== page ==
Living wage slavery
Nov 14, 2012 – Last week was officially ‘Living Wage‘ week (UK) - and only the most committed sadist would object to a campaign to raise the wages of the working poor. But, for me, the framing was wrong, and served to reinforce some deeply conservative ideas about “jobs” and “income”.
For example, the Living Wage Foundation states in big letters on its homepage that: “We believe that work should be the surest way out of poverty.”
The “surest way”? What are they thinking? Are we living inside a Dickens novel or something? (No wonder we’re seeing a rise in regressive measures such as workfare). In the technological 21st century, only a small fraction of total wealth is generated by human labour (and the fraction seems to be dwindling all the time, according to Jeremy Rifkin’s book, The End of Work) – I see no logical or economic sense in making “work” a condition for having a living income.
And I see no “moral” sense in the idea that work “should” be the “surest way” out of poverty. I’m not even certain what that means, since there’s nothing very “sure” about jobs these days – regardless of wage levels.
If this were a TV debate, I’d probably get drowned out by “orthodox” economics-talk from both left and right. The right talks about “job loss” resulting from raising incomes; the left counters with statistics about minimum wage, etc. But both accept the aim of getting as many people as possible “into work”. It’s like a superstition.
This “orthodox” economics reflects Victorian (or earlier) frames and metaphors (eg see economist Paul Ormerod’s work in this regard*). And, going back to Charles Dickens, you can see the whole worldview described (and seemingly subtlely satirised) in his novel Hard Times: the “self-made man”, the “dissipated, extravagant idler”, time as commodity, escape from poverty through hard work, etc.
More than a century later, we’re still labouring under the notion that “work” will cure the malaise caused by any economic “crisis”, personal or global. So, when the economy is brought to its knees by a corrupt/greedy financial sector, the answer is to get everyone “back to work”… until the next financial collapse (which is never caused by idleness).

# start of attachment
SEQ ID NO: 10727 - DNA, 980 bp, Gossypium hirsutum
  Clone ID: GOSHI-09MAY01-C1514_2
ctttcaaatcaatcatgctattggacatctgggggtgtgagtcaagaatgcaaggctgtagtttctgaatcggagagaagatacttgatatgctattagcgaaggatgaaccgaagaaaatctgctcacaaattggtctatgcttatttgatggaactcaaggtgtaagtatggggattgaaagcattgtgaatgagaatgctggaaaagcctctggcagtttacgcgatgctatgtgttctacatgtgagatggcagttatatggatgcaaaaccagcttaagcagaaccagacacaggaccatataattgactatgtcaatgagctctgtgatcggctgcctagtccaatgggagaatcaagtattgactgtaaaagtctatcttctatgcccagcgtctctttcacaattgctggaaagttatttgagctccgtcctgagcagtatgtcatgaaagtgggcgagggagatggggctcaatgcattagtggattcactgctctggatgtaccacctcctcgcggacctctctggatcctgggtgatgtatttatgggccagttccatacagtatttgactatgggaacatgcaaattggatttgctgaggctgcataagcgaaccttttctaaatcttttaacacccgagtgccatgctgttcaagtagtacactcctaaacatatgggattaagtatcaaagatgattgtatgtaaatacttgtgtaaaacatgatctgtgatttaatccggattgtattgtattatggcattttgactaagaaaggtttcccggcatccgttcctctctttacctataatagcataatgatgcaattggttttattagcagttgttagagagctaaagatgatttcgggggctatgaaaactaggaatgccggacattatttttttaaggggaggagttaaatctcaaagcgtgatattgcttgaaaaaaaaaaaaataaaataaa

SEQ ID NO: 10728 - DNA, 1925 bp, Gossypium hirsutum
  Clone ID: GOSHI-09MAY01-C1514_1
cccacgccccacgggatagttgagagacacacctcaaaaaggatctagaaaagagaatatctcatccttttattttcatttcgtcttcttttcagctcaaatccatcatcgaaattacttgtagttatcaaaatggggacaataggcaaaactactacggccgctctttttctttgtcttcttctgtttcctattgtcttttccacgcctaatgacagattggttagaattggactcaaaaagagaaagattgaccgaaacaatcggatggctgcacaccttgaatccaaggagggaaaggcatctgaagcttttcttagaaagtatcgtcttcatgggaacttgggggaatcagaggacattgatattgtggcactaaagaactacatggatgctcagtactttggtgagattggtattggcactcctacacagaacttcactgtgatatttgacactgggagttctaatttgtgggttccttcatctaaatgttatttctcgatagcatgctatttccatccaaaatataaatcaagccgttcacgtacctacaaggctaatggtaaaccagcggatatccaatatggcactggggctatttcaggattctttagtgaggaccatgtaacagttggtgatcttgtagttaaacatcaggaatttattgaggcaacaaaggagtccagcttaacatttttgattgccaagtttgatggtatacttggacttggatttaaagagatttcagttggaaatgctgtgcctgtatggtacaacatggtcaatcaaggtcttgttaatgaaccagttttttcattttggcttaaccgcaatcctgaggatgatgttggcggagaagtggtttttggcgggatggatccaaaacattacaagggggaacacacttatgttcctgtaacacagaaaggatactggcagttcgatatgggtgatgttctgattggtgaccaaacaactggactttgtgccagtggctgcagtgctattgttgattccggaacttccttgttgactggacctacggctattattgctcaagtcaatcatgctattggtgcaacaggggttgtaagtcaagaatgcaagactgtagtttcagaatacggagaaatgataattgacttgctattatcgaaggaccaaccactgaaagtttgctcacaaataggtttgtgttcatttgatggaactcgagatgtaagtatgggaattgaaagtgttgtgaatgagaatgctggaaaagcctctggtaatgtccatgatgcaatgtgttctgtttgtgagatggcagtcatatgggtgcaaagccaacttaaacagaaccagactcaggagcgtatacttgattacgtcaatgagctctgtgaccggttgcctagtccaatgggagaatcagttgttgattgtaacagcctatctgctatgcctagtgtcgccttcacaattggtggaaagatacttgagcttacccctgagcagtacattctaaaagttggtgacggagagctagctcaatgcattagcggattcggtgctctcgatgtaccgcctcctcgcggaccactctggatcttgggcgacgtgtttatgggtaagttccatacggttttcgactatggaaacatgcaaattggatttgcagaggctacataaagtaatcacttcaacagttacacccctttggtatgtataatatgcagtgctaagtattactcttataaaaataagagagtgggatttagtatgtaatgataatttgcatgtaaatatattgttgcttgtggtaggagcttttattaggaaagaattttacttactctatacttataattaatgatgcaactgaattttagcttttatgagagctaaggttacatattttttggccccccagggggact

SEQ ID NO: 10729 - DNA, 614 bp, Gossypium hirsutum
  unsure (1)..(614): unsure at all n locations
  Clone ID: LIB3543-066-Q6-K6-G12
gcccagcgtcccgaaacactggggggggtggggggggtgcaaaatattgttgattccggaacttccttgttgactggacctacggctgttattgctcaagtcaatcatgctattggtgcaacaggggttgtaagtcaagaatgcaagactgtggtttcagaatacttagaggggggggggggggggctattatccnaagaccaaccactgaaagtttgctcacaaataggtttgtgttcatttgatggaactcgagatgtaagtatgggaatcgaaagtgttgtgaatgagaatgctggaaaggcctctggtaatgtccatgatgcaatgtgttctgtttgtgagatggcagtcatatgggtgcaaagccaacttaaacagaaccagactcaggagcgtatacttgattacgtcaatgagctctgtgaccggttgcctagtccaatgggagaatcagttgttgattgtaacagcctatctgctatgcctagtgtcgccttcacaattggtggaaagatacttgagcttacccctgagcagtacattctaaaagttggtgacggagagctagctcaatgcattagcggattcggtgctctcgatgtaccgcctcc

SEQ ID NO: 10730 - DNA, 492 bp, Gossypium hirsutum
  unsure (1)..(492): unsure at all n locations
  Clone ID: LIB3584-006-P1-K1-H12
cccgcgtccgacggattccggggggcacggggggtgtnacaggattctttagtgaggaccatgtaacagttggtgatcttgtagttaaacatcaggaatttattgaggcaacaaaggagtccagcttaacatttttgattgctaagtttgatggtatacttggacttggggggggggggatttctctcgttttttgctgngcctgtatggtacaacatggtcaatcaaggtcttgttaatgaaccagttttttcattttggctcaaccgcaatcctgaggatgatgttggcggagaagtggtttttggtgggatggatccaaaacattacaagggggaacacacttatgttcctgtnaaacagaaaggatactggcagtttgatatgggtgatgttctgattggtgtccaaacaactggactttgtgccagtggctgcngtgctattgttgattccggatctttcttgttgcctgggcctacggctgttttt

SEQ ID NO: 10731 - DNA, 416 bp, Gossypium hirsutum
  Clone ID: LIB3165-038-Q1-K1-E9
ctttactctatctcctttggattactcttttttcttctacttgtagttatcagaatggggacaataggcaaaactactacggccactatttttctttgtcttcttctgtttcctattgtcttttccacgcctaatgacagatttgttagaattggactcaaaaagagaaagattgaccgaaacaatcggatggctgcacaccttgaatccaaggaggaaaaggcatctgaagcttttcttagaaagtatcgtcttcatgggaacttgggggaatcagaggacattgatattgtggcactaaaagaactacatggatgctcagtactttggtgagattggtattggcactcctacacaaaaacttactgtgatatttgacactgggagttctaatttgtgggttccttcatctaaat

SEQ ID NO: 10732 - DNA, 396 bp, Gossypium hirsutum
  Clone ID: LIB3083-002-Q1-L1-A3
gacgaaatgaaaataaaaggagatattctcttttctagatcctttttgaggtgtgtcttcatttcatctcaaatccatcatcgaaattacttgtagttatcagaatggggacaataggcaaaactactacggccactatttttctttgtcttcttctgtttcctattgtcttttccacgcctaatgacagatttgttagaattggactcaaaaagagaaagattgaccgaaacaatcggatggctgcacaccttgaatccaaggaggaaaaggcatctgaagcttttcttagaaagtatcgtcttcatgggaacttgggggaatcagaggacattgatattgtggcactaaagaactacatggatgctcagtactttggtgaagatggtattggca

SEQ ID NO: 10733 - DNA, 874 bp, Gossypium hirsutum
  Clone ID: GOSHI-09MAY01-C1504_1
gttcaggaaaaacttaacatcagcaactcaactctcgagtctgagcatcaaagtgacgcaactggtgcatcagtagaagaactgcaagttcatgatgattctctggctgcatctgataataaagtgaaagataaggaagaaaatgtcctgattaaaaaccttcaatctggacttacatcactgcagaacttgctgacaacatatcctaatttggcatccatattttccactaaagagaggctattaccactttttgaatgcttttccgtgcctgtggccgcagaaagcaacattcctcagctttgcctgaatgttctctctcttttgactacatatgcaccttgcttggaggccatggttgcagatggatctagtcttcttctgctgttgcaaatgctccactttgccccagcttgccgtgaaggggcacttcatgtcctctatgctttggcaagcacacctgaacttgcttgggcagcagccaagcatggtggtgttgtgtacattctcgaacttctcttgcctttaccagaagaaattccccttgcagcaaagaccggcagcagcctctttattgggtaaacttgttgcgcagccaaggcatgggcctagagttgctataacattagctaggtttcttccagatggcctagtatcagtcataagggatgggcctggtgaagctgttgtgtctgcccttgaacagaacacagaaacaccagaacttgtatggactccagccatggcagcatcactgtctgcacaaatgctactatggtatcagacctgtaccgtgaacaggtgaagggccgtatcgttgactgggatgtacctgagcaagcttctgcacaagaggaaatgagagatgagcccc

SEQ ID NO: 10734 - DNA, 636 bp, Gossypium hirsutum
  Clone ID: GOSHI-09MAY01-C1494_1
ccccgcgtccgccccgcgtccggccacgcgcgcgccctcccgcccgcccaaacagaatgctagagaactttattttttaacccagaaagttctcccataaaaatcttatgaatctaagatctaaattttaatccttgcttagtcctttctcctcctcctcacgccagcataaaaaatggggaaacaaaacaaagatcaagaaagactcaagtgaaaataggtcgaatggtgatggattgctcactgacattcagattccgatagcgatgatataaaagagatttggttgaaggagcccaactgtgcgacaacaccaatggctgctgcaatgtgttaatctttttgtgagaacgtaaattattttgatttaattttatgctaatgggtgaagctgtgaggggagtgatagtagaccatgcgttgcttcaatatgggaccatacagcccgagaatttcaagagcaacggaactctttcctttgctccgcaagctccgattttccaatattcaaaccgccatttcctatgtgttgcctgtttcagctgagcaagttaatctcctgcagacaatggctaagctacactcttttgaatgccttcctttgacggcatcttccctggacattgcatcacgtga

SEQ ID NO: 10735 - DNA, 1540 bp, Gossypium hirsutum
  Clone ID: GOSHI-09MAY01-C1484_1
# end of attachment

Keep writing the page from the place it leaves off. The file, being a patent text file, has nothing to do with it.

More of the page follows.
Of course, there are good cognitive reasons why we think in this limited way. In our own personal experience (replayed thousands of times in our brains), “work” produces direct, tangible results, while inactivity leaves work to be done. Repetition in our nervous systems creates the appearance of a universal principle: that “wealth” (in a broad sense) comes primarily from work.
This framing might be appropriate for barter of turnips and chickens – or even, at a stretch, for Victorian mills (if you ignore how the created wealth was distributed). But how can it be suitable for thinking about an economy in which only a small percentage of the total wealth is “produced” or “earned” from present-day human work? (Estimation of ‘total wealth’ should include technological production, infrastructure and land-use, scientific know-how, accumulation of the common wealth of centuries of past human labour – which should be distinguished from current-work “productivity”. It’s the “commons”, the “public” – it’s vast).
Ponder this figure: In just over a decade, the Credit Default Swap market grew from nothing to $54 trillion. That’s close to the total GDP of the planet. Our cognitive frames for human “work” just don’t apply here. (Credit Default Swaps were a main – and diabolical – cause of the recent global financial collapse. They are a type of derivative – they resemble insurance against defaults on loans, but streamlined, packaged, computerised – on an industrial scale, but without human “work” production.)
I want to say, in all seriousness, that a great deal of harm is being done in the modern world by belief in the virtuousness of work, and that the road to happiness and prosperity lies in an organized diminution of work. (Bertrand Russell, In Praise of Idleness)
The solution to poverty is to abolish it directly by a now widely discussed measure: the guaranteed income. (Dr. Martin Luther King Jr, Chaos or Community)
Update 10/12/2013: I’ve previously written widely about economic alternatives such as a Universal Basic Income, which I favour. Here’s one example, an article I wrote for the Idler magazine – Bluffer’s Guide to Revolutionary Economics.
* “as the twentieth century draws to a close the dominant tendency in economic policy is still governed by a system of analysis inspired by the engineers and scientists of the Victorian era”. (Paul Ormerod, The Death of Economics).
◊ The graphic above is from my spoof charity website, NSPCO
Graphics by NewsFrames
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